Bunker One CEO Peter Zachariassen says the company's main current focus is on the US. Image Credit: Bunker One
Marine fuel supplier Bunker One is bullish about its prospects for the year ahead after winning significant market share growth over the past 12 months.
Unlike other Bunker Holding units, the company has not released its financial results for the year to April 30, beyond reporting that its volumes increased by 20% on the year. In an interview with Ship & Bunker last week, Bunker One CEO Peter Zachariassen suggested that its earnings had fallen from the highs of the IMO 2020 transition, but that he saw improved prospects on the horizon.
"I'm very bullish on this year's performance," he said.
I believe that things are returning more and more back to normal.
"I believe that things are returning more and more back to normal.
"We've not had as good a year as 2019/20, but I think we have solidified our business.
"More customers are looking our way, so we are doing something right."
Parent company Bunker Holding saw its earnings before tax more than halve on the year to $70.3 million.
A significant share of Bunker One's volume growth over the past year will have come from the company's new cargo unit, Synergy Supply & Trading. Former GCC Bunkers trading director Keith Richardson was hired as supply optimization manager for the new brand in March.
"We have of course increased our footprint in the US, and we will continue doing so because it's a high focus for us," Zachariassen said.
It's important for us to have a setup where we are able to source and use our leverage in the entire supply chain.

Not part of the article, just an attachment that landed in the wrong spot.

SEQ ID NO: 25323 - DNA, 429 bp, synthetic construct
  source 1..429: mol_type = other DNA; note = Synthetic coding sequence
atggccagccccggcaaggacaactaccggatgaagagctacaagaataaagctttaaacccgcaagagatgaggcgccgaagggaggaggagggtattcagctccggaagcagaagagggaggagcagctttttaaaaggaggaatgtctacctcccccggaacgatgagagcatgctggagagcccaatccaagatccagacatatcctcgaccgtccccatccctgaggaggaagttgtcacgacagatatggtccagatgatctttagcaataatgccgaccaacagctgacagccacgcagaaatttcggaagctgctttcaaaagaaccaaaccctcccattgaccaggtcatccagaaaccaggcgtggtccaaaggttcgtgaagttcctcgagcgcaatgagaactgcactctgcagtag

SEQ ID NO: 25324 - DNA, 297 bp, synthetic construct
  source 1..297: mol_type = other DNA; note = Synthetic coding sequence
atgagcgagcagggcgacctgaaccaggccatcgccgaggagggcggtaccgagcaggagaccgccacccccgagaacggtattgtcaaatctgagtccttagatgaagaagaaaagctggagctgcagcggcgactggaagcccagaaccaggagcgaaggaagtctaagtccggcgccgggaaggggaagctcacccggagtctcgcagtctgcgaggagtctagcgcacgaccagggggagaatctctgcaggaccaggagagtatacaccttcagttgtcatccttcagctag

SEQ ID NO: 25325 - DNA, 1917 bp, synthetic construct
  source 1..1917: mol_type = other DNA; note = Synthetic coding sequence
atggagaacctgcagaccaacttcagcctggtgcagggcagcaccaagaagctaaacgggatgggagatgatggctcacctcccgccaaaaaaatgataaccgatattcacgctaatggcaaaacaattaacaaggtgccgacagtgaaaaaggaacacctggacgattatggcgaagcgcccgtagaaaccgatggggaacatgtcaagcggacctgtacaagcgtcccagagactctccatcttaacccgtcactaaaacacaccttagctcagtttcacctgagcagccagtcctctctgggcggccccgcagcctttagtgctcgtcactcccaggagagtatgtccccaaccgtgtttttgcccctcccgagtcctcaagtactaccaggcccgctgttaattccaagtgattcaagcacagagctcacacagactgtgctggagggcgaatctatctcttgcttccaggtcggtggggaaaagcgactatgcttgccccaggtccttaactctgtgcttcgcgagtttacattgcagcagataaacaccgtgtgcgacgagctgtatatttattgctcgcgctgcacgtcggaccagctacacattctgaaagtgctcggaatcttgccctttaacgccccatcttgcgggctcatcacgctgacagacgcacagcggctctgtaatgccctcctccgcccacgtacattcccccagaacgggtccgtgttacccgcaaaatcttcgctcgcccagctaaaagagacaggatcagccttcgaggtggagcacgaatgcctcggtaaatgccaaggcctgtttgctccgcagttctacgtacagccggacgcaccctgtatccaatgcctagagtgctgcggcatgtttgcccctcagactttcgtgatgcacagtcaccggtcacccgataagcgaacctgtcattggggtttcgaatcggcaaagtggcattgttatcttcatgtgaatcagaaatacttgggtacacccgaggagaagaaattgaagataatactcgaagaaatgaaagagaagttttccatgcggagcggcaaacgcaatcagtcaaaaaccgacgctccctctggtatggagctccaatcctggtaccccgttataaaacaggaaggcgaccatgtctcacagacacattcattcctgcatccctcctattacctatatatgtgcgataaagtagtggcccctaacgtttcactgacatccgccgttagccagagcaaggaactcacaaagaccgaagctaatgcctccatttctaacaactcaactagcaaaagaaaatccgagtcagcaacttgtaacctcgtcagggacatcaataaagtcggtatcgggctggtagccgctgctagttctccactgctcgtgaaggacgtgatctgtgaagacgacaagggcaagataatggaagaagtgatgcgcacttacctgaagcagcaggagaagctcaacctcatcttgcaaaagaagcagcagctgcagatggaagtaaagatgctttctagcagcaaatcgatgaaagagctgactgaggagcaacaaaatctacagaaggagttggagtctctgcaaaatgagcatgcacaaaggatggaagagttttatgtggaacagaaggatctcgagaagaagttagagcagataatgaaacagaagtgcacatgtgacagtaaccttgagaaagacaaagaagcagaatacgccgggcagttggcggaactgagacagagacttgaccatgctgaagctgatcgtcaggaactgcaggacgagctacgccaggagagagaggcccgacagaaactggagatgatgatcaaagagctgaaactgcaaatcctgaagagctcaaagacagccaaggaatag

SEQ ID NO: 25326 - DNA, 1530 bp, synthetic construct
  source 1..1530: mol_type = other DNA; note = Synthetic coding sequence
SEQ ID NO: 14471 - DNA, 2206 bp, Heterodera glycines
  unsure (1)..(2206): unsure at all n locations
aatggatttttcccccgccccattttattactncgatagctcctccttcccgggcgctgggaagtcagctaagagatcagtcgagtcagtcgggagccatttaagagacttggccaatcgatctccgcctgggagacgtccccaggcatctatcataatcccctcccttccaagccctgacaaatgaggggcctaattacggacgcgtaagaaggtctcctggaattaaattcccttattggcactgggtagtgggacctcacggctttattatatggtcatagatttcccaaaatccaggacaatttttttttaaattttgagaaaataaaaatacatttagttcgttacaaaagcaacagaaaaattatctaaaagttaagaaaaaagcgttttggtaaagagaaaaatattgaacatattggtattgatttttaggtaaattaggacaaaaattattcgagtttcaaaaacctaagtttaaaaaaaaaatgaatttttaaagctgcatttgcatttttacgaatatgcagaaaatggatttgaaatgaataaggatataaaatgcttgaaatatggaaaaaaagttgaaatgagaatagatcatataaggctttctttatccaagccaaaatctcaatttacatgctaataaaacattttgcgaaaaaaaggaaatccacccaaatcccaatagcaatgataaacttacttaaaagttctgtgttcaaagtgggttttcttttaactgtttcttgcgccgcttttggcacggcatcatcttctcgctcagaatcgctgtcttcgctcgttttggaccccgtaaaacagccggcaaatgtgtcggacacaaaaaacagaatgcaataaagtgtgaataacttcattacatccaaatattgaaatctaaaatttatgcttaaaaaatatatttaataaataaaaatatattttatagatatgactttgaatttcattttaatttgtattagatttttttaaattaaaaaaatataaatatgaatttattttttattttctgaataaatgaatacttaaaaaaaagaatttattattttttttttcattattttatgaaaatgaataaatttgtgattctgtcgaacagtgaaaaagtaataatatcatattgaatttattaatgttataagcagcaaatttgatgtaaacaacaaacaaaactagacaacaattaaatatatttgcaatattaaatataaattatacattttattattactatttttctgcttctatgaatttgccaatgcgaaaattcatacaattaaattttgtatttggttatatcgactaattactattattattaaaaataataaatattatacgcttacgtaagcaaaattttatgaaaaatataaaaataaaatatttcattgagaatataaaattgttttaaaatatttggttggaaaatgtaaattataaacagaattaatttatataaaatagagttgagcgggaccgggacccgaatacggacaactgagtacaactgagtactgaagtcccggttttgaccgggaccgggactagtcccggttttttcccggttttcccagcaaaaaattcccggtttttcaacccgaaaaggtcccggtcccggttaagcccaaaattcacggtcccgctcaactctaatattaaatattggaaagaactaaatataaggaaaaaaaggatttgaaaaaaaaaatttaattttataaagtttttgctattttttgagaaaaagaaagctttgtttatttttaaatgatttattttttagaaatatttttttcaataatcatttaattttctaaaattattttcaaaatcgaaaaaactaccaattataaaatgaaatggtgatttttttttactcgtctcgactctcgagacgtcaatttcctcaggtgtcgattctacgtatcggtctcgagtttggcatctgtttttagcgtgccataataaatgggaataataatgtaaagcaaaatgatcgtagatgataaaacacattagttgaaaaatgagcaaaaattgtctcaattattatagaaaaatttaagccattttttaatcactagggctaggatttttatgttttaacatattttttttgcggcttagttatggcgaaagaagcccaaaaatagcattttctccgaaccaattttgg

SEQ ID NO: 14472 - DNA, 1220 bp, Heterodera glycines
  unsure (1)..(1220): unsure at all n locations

"Getting closer to the product, it's important for us to have a setup where we are able to source and use our leverage in the entire supply chain, which end of the day will improve our competitiveness."
Through a deal with Vertex Energy, Bunker One has exclusive rights to marine fuel output from the Mobile, Alabama and Marrero, Louisiana refineries in the US. The company may consider selling excess product from this deal to other suppliers in the region.
"When you build up a cargo unit, it's always based on your own flows but excess volume can be sold to the market," Zachariassen said.
"We're also planning to do so if we cannot manage the entire flow ourselves on the physical side."
Bunker One may next look at setting up a similar model for its operations in Asia, Zachariassen said.
"We are very focused on the build-up phase right now," he said.
"But looking at the untapped potential in other areas, then it goes without saying that Asia is on the horizon, as we now have same setup built out in Europe, US and the MENA region."
The company also plans to make an announcement over the summer about a new physical supply operation in East Africa.
Open for Biofuels Business
The other major development for the company over the past year has been its announcing preparations to supply biofuel bunkers in Danish waters. In May the firm announced its delivery vessel the Amak Swan would soon be supplying a 30% biofuel blend to ships around Skaw and Gothenburg.
"We have done our trial, and we have gained a lot of experience and technical expertise by the trials we've been doing on our own ships," Zachariassen said.
We're open for business and are in dialogue with multiple customers.
"And with this proof of concept, we're open for business and are in dialogue with multiple customers about supplying biofuels."
The firm may also look at setting up similar operations elsewhere, he added.
"We are looking into other areas," he said.
"We have focus right now on the United States -- this is something that is in the pipeline.
"In any area where we have any physical activity, we're more than happy to look into that."
Beyond that, the company is also seeking to build up expertise in other product arenas including LNG, methanol and ammonia to assess the possibility of supplying them.
"Building up the knowledge and being able to share our findings with our customers has been, and will always be, at the top of our agenda," he said.